Monday, October 4, 2021
The Magic Formula of Legal Writing
When you Google “magic formula,” you get a series of articles all referring to the “Magic Formula of Investing” which is based on a book written by Columbia University Professor Joel Greenblatt. That formula is often defined on websites as, “… a simple, rules-based system designed to bring high returns within reach of the average investor.”
The first set of 1L legal writing memos were due over the weekend. For our students, it was a closed objective memo involving essentially two issues, three cases, and one overarching statutory rule. I must have discussed and drawn the chart that accompanies my magic formula for legal writing easily twenty times in just the past week, in person on a 3x5 post-it note, or over Zoom. I have shared my formula possibly thousands of times over the years. I would describe it as a rules-based system designed to bring good analysis within the reach of the average legal writer.
This is the “magic formula” that I share with my students:
- Start with a Rule. A well-synthesized, complete rule is the key to everything. Everything unspools from your rule. It shapes and orders your discussion of the cases and your analysis of the facts. The rule divides your small legal world into essentially yes and no. Some cases will fall on the yes side of the rule while others will be nos.
- Your rule may come from more than one source. Cases, statutes, regulations etc. may all be relevant.
- Do your research. You need to use cases on both sides of the rule divide.
- Talk about cases in the past tense-they have no value but historical value. Precedent is about the past and how it shapes the decisions that will be made in the future (stare decisis).
- Use the Facts, Holding, Reasoning (FHR) method of using cases in your writing. For example: In Claus, where a senior citizen was struck by a reindeer, the court held that the sleigh driver was not liable because plaintiff’s decedent was walking on the reindeer path. The court reasoned that "grandma" assumed the risk of walking on the path, and while the driver had less than ideal lighting conditions, a pedestrian on the path was not a foreseeable event. I know-I haven’t even decorated for Halloween yet and here I am putting a winter earworm in your head. I’m almost sorry.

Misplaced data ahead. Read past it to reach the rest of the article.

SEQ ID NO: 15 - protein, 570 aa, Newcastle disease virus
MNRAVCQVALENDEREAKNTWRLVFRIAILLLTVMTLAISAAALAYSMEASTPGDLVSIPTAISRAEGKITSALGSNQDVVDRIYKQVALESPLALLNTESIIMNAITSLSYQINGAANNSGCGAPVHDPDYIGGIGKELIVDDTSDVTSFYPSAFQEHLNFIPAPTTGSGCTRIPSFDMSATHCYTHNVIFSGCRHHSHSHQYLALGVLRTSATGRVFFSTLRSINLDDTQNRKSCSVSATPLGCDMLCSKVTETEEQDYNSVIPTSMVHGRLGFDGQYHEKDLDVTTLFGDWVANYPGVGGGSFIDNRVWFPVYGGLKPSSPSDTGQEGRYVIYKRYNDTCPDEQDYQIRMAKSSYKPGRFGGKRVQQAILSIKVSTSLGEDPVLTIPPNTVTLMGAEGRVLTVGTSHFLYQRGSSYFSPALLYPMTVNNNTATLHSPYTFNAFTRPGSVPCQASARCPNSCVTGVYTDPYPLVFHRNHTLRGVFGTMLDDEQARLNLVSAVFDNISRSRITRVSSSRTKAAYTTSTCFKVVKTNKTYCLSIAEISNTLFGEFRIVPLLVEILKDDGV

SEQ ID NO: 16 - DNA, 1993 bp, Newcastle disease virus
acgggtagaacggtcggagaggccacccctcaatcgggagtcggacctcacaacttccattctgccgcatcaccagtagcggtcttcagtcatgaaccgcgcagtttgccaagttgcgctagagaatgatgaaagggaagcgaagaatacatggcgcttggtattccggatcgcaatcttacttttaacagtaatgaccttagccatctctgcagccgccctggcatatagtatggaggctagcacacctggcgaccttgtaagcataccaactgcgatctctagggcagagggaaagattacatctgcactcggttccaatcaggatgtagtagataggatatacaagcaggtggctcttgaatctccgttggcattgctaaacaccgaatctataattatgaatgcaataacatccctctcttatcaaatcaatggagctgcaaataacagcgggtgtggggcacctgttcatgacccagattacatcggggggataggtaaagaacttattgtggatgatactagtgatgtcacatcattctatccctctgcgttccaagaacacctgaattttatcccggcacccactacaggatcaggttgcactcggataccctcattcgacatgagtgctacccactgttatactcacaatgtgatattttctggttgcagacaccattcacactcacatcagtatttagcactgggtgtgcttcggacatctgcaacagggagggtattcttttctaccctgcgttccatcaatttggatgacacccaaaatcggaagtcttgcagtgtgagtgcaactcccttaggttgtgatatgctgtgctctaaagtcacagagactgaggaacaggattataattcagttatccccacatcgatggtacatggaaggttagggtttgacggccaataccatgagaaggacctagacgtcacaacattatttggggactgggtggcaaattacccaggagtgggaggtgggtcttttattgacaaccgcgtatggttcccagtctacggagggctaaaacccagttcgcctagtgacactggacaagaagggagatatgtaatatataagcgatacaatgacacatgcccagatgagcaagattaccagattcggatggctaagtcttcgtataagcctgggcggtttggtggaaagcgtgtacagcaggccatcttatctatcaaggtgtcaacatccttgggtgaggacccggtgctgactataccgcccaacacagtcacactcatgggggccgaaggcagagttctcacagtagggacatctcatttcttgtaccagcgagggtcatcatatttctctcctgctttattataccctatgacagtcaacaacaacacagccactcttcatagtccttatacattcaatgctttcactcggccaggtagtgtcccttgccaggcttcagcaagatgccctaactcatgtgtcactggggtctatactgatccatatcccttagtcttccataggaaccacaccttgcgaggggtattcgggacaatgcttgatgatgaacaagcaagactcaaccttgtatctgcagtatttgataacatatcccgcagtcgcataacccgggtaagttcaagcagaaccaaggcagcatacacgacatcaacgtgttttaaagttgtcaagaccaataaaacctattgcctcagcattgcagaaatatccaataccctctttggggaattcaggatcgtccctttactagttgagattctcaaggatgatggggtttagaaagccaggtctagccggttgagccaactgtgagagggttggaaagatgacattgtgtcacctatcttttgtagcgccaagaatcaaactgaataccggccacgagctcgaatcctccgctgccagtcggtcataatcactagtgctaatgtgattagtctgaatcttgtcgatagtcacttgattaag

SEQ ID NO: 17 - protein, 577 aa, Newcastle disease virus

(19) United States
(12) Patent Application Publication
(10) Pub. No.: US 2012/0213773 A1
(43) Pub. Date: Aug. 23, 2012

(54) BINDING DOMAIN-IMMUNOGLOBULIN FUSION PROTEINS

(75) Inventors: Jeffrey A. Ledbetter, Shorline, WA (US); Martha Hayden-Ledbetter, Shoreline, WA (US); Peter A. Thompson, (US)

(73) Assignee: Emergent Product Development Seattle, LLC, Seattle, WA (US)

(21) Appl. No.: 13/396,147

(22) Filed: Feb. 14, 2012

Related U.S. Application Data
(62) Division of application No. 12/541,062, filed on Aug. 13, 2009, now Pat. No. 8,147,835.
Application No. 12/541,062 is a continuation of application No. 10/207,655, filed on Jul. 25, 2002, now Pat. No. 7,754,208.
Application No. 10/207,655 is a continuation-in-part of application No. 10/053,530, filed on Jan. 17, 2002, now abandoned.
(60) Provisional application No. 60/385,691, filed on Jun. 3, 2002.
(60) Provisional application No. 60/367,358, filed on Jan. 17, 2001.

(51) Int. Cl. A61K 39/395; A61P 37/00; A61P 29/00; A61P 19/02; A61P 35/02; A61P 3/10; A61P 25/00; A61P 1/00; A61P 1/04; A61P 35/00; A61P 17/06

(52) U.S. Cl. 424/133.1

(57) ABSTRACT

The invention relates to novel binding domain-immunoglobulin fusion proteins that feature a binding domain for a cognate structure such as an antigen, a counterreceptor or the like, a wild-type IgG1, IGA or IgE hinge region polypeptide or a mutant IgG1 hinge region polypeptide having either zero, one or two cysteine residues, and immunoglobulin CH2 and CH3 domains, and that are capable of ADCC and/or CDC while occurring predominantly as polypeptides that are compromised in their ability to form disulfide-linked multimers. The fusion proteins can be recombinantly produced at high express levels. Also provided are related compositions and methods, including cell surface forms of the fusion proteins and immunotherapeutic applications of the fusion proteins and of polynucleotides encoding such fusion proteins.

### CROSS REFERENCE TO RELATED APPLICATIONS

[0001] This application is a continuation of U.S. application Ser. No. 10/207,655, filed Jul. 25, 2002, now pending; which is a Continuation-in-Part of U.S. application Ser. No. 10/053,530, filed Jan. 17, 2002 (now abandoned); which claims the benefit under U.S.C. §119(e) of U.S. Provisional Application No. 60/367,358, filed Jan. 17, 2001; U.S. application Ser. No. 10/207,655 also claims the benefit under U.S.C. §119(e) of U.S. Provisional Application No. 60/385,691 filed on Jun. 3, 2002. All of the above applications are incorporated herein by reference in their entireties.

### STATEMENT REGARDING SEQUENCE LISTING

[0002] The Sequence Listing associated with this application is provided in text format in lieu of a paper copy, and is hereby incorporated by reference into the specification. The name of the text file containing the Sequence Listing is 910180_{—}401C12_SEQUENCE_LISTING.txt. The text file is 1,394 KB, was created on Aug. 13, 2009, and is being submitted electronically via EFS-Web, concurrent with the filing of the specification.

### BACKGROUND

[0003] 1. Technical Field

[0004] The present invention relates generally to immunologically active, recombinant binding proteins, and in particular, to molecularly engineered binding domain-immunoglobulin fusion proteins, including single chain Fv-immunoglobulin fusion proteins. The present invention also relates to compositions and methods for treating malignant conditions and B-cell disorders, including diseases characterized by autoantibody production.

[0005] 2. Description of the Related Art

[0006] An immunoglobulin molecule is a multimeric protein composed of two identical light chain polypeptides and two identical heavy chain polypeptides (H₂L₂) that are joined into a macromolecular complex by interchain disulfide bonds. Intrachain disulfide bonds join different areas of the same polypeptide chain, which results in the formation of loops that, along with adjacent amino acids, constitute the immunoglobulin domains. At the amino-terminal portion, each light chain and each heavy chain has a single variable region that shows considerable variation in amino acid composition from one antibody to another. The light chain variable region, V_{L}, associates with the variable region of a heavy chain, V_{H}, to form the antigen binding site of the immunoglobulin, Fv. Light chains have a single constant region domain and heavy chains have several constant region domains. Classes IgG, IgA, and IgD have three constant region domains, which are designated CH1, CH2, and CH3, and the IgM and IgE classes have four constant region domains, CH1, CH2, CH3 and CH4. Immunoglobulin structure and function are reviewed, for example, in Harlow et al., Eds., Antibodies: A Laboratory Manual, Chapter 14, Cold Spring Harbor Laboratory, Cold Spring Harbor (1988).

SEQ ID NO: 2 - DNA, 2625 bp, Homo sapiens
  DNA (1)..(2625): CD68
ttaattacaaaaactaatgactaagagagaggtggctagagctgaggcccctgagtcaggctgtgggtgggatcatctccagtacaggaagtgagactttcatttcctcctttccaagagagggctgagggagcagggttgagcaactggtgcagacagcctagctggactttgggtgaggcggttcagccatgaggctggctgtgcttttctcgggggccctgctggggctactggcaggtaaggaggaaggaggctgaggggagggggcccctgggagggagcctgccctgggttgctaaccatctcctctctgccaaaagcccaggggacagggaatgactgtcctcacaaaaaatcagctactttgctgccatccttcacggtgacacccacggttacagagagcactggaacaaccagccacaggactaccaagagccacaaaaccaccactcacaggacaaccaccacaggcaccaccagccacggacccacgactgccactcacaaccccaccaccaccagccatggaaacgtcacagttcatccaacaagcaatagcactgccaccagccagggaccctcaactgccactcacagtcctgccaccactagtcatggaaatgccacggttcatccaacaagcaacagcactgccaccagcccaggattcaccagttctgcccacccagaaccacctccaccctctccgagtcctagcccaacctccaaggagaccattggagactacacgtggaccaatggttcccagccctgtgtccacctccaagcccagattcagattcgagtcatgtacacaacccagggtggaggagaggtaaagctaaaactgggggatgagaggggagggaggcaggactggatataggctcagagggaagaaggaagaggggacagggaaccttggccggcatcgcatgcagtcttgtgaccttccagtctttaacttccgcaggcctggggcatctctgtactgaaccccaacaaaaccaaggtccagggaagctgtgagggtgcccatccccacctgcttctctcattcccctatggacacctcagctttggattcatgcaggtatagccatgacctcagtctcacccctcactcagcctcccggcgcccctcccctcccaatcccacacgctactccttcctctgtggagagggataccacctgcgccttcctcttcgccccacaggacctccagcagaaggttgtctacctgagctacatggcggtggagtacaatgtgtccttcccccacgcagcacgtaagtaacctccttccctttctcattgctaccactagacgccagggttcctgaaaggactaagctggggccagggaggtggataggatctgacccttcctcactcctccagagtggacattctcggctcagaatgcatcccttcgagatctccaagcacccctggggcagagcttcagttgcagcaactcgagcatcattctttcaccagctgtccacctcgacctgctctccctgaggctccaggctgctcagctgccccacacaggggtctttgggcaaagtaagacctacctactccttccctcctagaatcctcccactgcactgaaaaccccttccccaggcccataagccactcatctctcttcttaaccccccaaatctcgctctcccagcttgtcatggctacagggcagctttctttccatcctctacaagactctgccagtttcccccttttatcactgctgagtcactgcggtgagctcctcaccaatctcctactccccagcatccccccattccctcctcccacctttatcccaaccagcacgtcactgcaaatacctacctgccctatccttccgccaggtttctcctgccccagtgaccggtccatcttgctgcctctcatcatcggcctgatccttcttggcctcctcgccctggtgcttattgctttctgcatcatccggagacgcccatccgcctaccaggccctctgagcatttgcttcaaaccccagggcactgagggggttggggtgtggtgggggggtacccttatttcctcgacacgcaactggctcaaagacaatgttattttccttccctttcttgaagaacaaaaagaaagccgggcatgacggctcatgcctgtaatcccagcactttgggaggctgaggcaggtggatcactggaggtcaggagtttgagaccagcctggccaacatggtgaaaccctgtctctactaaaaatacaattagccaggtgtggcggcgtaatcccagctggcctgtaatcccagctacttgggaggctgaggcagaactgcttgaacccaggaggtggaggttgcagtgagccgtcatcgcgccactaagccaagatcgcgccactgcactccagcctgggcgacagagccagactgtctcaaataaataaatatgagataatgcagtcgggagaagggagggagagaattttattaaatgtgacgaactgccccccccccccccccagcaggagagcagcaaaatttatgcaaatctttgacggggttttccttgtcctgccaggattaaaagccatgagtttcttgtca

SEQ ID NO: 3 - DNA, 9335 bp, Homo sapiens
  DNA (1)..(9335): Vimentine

- While this is somewhat formulaic writing, you can control your narrative. We all teach this, but possibly in different ways. Here is where the chart below comes in handy. In paragraphs where you are explaining the law in your writing, think of this as the space where you place cases on a spectrum created by dividing your world by the rule (this would be E paragraphs in CREAC, and the first part of the A in IRAC). You should place your cases (using the FHR format) on this “spectrum” and then when doing your analysis later on (or soon thereafter in IRAC), put the facts of your current “case” on the spectrum as well. The place where I put the circle is where the facts in front of you go-this is the sweet spot-the facts are not a slam dunk “yes” like case 1, but better than case 2--while still staying on the side of the rule you want to be on. The court cases closer to yours are your positive analogies because the facts are more similar, and you distinguish the cases on the far side of the rule. You only create this “distance” by having a full spectrum. The key here is that you, as the writer, get to lay out the spectrum.
Honestly, this is probably old news to most of you. But on the off chance that this rules-based system brings good analysis within reach of the students you are working with, I feel it was worth putting out there. Some might say there is no magic in legal writing, but as for me and grandpa, we believe.